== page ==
So, I just moved to Cologne, Germany to continue my university studies. I came here on August 1st and I have spent the last few days walking a lot and exploring my new neighborhood (class hasn’t started yet). I live in what is called Neustadt-Süd, so basically in a rather modern part of the city, just south of the main city center.

Street near where I live.

In general, I have a very good impression of what I have seen so far of the city. Compared to Hamburg, where I have lived for the past three years, Cologne seems much more “down to earth” and also much livelier. But then, maybe I was living in the wrong part of Hamburg. The neighborhood here might be similar to Hamburg’s “hipper” areas such as the Schanzenviertel. There are many nice shops around here, big chains as well as tiny, individual shops. What, for me, was a big difference coming from Hamburg, is that many of the shops here (even the big ones) are squeezed into buildings which somehow seem like modified apartment buildings. Like this, everything blends in and is often more difficult to spot than the huge buildings built specifically for the purpose of having a big shop in there or built in the oh-so-convenient block-shape, like it is often the case in Hamburg.

The Hiroshima-Nagasaki-Park, just a short walk from my apartment.

The Aachener Weiher in the Hiroshima-Nagasaki-Park.

A great advantage of the area I live in now is that everything is so close, you can actually walk to almost every place you might need. My university is a 15 min walk, post office, restaurants, cafés, fitness centers, a huge park and all kinds of shops are just around the corner, literally. In the short time I have been here, I have already spotted an East-African, a Japanese and a Tibetan-Nepalese restaurant and I can hardly wait to try out at least a few of them in the near future. Also, I’ve already had great tapas (though somewhat Greek-influenced) and, of course, the famous local beer: Kölsch. The Hiroshima-Nagasaki-Park, located directly at the University of Cologne’s Institute of Japanese Studies, is a great area to sit down and have a picnic, read a book or just spend some time in the sun. My future jogging route will probably also lead through this park. I was amazed at how silent it actually is there after having walked along the noisy streets for so long before arriving there. Lastly, I found out it’s very convenient to have a big church (not the famous Cologne Cathedral, mind, but still big enough to be a great landmark) close to where you live. Most of the time, you can spot the church somewhere in the distance and like that always have a general idea of where your home is. So far, I really like this neighborhood. Of course there are the usual spots where alcohol addicts meet, but I found out pretty soon where these were and now I can avoid them most of the time.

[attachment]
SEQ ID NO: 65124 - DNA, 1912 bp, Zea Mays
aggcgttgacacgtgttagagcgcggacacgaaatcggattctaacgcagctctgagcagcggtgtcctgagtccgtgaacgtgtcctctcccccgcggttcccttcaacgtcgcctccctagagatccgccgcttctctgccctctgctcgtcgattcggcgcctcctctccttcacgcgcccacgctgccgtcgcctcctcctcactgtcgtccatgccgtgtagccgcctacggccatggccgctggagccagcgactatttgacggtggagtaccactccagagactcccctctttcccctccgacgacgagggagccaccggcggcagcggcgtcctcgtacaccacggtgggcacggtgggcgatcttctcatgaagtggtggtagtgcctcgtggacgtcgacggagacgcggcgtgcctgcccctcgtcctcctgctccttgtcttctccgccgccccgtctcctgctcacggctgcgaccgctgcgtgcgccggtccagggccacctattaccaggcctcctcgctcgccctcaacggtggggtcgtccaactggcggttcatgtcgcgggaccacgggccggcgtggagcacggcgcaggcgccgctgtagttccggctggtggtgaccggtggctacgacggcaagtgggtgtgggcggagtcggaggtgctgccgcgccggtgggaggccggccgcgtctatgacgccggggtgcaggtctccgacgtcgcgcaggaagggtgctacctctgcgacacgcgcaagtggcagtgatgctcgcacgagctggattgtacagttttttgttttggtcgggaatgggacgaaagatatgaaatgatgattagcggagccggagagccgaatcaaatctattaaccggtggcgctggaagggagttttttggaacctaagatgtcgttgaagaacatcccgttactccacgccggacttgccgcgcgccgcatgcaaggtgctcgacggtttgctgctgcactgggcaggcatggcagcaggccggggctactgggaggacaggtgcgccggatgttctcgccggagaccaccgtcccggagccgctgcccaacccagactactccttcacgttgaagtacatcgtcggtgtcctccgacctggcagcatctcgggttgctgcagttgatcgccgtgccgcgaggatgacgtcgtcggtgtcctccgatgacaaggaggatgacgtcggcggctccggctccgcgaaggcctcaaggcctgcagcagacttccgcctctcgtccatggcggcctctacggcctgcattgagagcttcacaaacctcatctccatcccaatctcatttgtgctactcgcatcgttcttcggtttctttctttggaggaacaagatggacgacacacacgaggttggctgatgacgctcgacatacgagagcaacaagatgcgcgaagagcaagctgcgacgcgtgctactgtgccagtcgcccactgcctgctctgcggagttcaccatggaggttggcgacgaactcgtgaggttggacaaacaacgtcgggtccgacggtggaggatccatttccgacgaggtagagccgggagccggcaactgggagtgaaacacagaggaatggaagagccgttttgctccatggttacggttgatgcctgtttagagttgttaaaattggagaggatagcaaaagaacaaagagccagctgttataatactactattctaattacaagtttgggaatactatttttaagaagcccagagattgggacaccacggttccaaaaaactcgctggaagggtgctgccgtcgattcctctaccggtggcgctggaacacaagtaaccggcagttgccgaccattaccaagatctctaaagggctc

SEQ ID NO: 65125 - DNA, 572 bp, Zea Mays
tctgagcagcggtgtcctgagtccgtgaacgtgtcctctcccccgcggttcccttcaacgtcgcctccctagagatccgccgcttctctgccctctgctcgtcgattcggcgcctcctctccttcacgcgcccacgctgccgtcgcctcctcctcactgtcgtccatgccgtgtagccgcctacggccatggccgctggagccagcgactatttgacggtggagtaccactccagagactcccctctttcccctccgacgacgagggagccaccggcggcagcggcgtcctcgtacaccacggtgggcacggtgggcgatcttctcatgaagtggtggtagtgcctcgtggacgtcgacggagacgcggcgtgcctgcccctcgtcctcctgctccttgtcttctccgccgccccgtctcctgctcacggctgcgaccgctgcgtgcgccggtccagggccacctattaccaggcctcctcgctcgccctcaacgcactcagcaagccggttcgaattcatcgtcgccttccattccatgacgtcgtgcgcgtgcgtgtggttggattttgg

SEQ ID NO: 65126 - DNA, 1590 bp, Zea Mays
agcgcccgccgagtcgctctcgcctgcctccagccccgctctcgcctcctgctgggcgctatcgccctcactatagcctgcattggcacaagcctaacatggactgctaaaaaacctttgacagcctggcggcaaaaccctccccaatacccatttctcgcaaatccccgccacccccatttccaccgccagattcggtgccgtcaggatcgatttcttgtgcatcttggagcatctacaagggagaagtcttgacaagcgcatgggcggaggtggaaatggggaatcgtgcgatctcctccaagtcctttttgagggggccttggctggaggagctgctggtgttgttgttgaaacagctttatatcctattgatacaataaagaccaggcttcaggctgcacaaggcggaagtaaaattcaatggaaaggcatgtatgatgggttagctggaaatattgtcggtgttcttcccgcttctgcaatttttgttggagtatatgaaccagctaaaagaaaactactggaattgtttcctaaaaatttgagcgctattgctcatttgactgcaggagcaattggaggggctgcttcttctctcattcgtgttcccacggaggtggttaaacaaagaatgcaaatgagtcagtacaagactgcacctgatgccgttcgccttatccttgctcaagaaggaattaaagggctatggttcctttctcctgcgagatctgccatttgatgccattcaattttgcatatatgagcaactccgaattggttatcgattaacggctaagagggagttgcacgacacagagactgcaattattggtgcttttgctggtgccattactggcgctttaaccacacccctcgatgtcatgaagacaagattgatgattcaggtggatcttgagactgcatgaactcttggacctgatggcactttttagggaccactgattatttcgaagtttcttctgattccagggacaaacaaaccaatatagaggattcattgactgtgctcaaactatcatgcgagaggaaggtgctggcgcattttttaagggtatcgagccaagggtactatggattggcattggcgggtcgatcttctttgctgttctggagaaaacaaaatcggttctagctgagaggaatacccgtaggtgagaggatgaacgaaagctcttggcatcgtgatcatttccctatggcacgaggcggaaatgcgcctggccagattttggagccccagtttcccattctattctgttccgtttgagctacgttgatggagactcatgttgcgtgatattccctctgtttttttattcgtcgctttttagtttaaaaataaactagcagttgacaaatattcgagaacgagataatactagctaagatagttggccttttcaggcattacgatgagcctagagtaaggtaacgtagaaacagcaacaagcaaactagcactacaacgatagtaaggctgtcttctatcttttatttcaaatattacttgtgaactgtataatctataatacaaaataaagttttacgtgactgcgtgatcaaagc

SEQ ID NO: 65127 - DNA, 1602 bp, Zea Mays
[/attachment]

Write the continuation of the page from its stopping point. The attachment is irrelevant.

Graffiti somewhere in the streets.

Street art.

Most of the people I have talked to so far are also very friendly and always willing to help. I particularly realized this when I first went to my university. No matter where you go, you are always given answers to any questions or problems and in the hallways everybody greets you with a smile and a nice “Hello”. Coming from my (slightly bigger) university in Hamburg, the difference is huge. Back in Hamburg, I sometimes spent days being sent from office to office for some tiny question, just because nobody felt responsible to help me. Another huge difference are of course the university’s opening hours which were usually from 11 am to 1 pm or so in Hamburg, whereas in Cologne people seem to be available all the time.

Traveling with the HKX.

Lastly, in case you’re travelling between Hamburg and Cologne (like I do now), I recommend taking the newly established Hamburg-Köln-Express (Hamburg-Cologne-Express) HKX. I took it when I moved here and it is, in my opinion, a lot better than the conventional option of taking the Deutsche Bahn (German Railway) ICE or IC. To be honest, the HKX has the same problems the Deutsche Bahn has. When I was waiting for the HKX to Cologne, their original train was apparently not working, so we had to wait for a replacement. As a consequence, we left Hamburg about 15 minutes late. But still, they found a replacement and didn’t just cancel everything like the DB often does. And we made up for the lost time pretty well by shortening our stopover times, so we arrived in Cologne almost on schedule. Secondly, the air conditioning was broken, as is so often the case, especially when it’s hot outside like it was then. But they offered us free cooled drinks and ice-cream, so it wasn’t as bad as you might expect. What really made up for all these problems though, were the HKX’s many advantages compared to the DB. Not only are they faster and (usually) a lot cheaper. (If you book well ahead, 20€ compared to 60€ is a lot!) They also have much better service and this is what really convinced me. Most importantly, the personnel talks to people with a smile on their face. They also offer help storing bags on the luggage rack and come by with their snack cart every once in a while. Conclusion: Friendly service makes all the difference. Let’s hope they can keep up with that good start when their number of customers increases in the future.

Cooled water for free and a whole compartment to myself!